The ‘Minister of Twitter’ has left Parliament, leaving a group of contenders eager to take over the mantle.

The changing fortunes of National MP Judith Collins and departure from Parliament of prolific Twitter users Tau Henare (National) and Asenati Lole-Taylor (NZ First) have left the thrones of Parliament's top tweeters vacant. Below are nine contenders, and the former holder of the "Minister of Twitter" title, whose keen not to be forgotten.

1. Jacinda Ardern (Labour)
@jacindaardern. 25,200 followers The second highest of any MP after Prime Minister John Key, according to research by social media analyst Matthew Beveridge. Even former Labour leader David Cunliffe has only 14,500 followers. It is unclear why - Ardern isn't the most prolific or attention-grabbing Twitter user, but is a quiet achiever with a gentle sense of humour. Tweets are a mix of her MP's diary, things her mother said ("Perils of having your mum stay - the morning assessment of the bags under your eyes") and good-natured ribbing of her colleagues. Recently tweeted a "no moaning" contract her father made her sign as a child - something some on Twitter might want to adopt.

2. Andrew Little (Labour leader)
@AndrewLittleMP. Followers: 4840. It can't last, but Little has shown a knack for tweeting both to put his critics in their place and to promote himself. First gained attention by tweeting a photo of his cat Buddy taking a swipe at his leg while Little was posing for a photographer. Other highlights include Little's response to Cameron Slater's claims Labour had tried to kill him. Little tweeted: "Have searched Leader's office. No gun cabinet. No knives. Also checked library. No candlestick holder, nor Miss Scarlett." His staff and the time constraints of his job will undoubtedly turn his account into the same bland churn of PR material that characterises John Key's.

3. Chris Bishop (National)
@cjsbishop. Followers: 1850. Trevor Mallard's opponent in Hutt South is taking over from Tau Henare as Mallard's "bromance" partner on Twitter. One of the more even-handed characters, applauding good jokes and praising rivals for speeches when deserved.

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4. Grant Robertson (Labour)
@grantrobertson1. Followers: 10,400. In between taking pot shots at John Key and cricket tweets, Robertson gets a few pearlers in. Of a photo of Police Minister Michael Woodhouse on a grand podium in the middle of a seemingly empty beach, Robertson tweeted: "On Survivor (Planet Key) this week: Michael Woodhouse loses the immunity challenge and is banished to the Big Podium." Most memorable exchange this year was after someone proposed a sitcom starring Judith Collins and Robertson. Robertson suggested George and Mildred "but with weapons". Collins replied he was being hard on himself given George was "a lazy, do nothing, gambling moaner". Robertson replied: "Who said I was George?" Is also humble - of his low ranking on a blog's "hottest MPs" list: "my hotness is so powerful it is not necessary to talk of it."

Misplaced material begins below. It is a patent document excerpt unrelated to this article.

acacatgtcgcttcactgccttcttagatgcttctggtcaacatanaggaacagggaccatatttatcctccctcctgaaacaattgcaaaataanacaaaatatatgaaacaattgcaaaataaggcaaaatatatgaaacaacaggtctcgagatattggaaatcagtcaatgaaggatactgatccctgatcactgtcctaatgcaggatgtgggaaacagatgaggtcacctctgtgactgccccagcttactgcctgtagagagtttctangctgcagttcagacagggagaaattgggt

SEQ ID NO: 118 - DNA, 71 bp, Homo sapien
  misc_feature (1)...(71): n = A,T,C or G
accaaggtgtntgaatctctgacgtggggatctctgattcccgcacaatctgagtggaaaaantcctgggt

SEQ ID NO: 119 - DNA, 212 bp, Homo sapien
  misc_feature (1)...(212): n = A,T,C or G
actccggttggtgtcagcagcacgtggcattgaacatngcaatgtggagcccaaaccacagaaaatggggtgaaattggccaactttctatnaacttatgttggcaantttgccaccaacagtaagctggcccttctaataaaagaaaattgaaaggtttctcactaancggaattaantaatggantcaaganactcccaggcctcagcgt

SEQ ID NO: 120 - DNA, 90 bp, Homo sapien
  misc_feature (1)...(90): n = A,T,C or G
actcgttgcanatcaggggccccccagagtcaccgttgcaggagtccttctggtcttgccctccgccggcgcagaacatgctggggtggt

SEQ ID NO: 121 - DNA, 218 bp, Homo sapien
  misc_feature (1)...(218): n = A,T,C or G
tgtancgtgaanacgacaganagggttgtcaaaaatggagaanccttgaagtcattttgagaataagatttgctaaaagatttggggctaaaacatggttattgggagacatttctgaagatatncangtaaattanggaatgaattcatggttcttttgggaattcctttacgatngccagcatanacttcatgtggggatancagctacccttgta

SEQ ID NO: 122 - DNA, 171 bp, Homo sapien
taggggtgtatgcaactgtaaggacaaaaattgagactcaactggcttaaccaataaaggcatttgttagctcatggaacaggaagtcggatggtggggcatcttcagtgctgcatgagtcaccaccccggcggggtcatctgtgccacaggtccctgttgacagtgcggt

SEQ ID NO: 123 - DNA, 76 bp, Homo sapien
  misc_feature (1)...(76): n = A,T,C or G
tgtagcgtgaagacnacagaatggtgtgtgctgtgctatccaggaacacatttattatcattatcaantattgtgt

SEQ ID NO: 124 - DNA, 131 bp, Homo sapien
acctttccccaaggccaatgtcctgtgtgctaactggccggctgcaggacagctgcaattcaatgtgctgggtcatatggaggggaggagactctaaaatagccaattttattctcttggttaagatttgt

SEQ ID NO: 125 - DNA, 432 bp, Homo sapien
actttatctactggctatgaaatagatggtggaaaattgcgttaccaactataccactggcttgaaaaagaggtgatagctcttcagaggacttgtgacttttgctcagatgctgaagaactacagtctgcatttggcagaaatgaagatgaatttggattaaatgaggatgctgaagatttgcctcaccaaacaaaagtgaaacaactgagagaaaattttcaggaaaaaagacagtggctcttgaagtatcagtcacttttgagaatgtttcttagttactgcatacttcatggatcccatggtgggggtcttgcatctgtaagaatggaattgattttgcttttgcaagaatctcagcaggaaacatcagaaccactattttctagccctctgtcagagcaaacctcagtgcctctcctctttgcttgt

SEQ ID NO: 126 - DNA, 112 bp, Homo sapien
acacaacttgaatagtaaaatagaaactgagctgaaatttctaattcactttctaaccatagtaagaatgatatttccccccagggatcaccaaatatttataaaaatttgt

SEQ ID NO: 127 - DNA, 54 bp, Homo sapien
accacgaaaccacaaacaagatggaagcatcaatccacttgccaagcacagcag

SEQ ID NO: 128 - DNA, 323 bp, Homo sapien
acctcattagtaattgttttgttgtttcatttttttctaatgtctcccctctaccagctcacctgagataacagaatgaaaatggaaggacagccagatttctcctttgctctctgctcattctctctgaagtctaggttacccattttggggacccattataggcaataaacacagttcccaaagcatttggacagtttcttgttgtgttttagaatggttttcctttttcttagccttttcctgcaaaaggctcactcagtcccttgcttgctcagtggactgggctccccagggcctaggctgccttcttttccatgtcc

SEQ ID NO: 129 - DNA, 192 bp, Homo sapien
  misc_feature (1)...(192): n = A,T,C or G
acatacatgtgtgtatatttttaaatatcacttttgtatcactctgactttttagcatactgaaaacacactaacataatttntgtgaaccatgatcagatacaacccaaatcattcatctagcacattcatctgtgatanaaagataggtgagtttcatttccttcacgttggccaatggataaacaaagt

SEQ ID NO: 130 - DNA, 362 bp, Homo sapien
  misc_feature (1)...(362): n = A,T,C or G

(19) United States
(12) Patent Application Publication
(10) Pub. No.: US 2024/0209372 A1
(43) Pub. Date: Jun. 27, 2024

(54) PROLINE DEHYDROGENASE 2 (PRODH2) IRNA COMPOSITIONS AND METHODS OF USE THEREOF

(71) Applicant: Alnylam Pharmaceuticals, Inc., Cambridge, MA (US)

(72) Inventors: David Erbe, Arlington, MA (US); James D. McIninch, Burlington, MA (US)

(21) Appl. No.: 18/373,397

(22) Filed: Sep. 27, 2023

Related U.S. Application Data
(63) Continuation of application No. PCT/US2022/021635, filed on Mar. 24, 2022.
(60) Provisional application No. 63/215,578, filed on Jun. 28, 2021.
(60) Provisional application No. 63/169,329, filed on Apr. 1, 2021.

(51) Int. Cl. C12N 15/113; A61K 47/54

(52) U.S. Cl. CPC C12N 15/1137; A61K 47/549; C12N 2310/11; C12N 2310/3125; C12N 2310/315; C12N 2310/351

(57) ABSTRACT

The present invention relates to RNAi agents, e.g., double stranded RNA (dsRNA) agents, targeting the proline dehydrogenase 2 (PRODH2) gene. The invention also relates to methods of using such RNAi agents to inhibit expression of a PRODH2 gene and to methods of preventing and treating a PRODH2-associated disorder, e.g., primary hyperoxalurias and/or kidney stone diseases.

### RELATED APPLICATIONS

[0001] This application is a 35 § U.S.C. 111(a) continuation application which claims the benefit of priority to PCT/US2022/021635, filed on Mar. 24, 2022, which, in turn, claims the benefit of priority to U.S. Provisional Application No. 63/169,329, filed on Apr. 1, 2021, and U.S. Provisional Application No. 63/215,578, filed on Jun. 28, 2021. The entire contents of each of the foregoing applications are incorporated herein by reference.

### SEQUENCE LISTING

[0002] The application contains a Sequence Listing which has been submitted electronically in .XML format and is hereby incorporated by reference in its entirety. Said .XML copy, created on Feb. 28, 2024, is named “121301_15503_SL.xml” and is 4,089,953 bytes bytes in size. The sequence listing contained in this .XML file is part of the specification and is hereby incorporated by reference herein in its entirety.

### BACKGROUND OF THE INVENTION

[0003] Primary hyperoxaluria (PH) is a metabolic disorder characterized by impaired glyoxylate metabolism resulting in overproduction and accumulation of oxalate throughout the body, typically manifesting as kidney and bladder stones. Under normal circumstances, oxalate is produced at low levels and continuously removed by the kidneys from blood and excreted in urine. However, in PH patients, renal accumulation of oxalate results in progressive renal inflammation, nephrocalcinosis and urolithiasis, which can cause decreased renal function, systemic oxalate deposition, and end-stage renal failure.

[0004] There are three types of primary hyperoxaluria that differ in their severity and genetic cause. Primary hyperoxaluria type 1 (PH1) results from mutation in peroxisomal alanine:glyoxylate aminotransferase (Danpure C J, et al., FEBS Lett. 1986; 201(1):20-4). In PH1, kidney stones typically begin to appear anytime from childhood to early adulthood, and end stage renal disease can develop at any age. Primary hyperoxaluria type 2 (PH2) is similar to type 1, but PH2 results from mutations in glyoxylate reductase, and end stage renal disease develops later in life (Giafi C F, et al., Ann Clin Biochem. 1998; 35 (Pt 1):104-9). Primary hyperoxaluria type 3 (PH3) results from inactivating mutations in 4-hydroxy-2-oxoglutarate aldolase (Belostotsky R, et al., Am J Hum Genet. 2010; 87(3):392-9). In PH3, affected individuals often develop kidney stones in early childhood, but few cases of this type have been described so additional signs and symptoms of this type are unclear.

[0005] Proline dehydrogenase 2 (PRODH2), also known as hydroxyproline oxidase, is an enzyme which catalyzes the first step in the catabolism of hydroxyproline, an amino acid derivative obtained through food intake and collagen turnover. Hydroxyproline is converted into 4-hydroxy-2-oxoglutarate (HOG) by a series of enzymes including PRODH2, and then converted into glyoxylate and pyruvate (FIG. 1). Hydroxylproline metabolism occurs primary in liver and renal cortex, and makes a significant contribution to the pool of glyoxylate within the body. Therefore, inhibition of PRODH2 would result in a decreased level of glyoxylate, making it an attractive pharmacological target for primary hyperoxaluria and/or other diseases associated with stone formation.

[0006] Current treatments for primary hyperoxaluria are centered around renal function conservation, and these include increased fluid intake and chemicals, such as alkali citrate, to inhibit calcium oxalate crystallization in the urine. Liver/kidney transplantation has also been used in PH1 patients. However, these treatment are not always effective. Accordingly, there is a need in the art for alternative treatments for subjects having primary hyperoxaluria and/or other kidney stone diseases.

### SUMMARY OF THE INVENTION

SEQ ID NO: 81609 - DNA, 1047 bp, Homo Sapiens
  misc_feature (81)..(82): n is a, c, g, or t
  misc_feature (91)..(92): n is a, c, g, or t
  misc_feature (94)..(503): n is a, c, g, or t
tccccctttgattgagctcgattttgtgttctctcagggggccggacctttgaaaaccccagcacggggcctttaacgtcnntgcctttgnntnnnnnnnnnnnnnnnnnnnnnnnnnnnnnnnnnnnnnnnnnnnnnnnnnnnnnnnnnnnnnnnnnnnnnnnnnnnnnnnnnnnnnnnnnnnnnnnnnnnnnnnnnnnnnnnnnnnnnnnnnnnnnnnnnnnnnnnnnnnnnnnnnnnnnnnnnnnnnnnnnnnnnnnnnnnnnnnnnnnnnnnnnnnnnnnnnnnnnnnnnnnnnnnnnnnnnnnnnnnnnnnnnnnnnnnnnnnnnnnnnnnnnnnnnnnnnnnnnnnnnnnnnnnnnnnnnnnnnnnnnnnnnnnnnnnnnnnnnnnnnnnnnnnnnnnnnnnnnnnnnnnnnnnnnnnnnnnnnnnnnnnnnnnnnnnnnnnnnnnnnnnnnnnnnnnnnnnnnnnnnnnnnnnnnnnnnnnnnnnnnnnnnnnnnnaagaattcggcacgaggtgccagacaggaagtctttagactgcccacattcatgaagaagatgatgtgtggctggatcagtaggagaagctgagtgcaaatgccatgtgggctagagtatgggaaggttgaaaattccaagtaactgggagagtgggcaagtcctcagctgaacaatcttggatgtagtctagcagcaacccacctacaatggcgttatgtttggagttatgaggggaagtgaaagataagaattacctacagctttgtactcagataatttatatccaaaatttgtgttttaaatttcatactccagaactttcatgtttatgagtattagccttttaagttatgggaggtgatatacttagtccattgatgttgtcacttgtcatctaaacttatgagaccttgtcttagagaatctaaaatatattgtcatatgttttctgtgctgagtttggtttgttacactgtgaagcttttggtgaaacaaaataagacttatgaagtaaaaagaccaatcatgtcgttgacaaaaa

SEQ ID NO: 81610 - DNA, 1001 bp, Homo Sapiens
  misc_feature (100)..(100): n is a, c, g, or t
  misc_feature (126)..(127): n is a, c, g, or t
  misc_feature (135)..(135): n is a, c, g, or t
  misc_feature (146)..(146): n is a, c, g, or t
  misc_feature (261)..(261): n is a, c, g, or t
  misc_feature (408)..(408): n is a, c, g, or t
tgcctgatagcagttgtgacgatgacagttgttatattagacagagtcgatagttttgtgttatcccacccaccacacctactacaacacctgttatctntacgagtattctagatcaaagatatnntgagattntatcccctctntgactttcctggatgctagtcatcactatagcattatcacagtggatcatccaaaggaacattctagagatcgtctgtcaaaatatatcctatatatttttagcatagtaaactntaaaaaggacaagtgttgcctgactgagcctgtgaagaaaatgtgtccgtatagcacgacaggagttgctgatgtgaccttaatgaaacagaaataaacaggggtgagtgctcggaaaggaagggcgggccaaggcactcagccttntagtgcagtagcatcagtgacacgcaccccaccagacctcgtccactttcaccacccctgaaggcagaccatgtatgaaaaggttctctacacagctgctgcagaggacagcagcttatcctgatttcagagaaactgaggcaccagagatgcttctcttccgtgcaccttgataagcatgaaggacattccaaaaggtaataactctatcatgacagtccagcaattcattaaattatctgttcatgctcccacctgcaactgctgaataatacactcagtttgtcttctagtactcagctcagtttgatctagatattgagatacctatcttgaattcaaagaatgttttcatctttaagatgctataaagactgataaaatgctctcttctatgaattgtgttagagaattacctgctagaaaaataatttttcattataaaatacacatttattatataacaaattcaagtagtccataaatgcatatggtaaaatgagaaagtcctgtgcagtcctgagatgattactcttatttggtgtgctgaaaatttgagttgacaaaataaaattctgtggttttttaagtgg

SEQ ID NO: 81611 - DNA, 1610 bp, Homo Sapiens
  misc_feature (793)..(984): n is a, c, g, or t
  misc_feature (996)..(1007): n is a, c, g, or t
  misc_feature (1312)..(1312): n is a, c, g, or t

5. James Shaw (Greens)
@jamespeshaw. Followers: 2220. He mocks Chris Finlayson for speaking Latin, uses words like "whence" and had this to say about Bill English's claim NZ had a "rock solid economy": "Actually, I reckon it's a milk solids economy."

6. Paula Bennett (National)
@paulabennettmp. Followers: 3853. Most National MPs' tweets consist of quoting John Key or re-tweeting John Key's tweets. Paula Bennett has better things to do. After Samoa's Prime Minister urged women MPs not to forget their housewifely duties, Bennett tweeted: "can't read the full story, rushing home to cook husband dinner." She posted a photo of herself on Santa's knee. And she used Twitter to call out Labour's Phil Twyford for making a cat gesture at her, implying she was catty.

7. Trevor Mallard (Labour)
@TrevorMallard. Followers: 7391. His duties as Associate Speaker have reduced his tweeting from the debating chamber, but Mallard is still active and he and Henare are still at it. Mallard pulled him up for using "less" instead of "fewer" recently. And after Henare tweeted about the existence of taniwha, Mallard advised: "Grab some DNA bit of GM then all sorted" - a reference to his own plan to bring back the moa.

8. Winston Peters (NZ First leader)
@winstonpeters. Followers: 9257. Winston Peters can't send his own tweets but he can dictate them. As well as targeting the sins of John Key, he has some whimsical moments. Had a Q and A which included questions such as: "Who would win in a fight between a dinosaur and Batman?" Peters' answer: "Batman wins all of his fights." Peters tweeted photos of his dog Beau and his neighbour's cat Rascal during the campaign. One recent tweet questioned the excesses of the nanny state after he discovered toilets on his floor were blocked off with traffic cones and fluorescent poles for cleaning.

9. Peter Dunne (United Future leader)
@PeterDunneMP. Followers: 5698. One of the most prolific tweeters but can go too far, usually when trying to take down Winston Peters. After a patchy performance in Parliament, Dunne tweeted Peters' hands were "shaking more furiously than usual". He compared New Zealand First to the Ku Klux Klan. He also questioned why the media bothered to "report [Peters] as a serious political player" - apparently forgetting Peters secured 208,300 votes at the election, more than United Future's 5286. It will rankle that Peters has far more followers.

And don't forget: Tau Henare
@tauhenare. Followers: 6061. He's out but not gone. Henare was dubbed "Minister of Twitter" and has clearly decided he still deserves the title, describing himself as "Minister of Twitter outside Parliament" in his biography. He continues to tweet with vigour; one of his tweets even landed him before the courts for an alleged breach of suppression.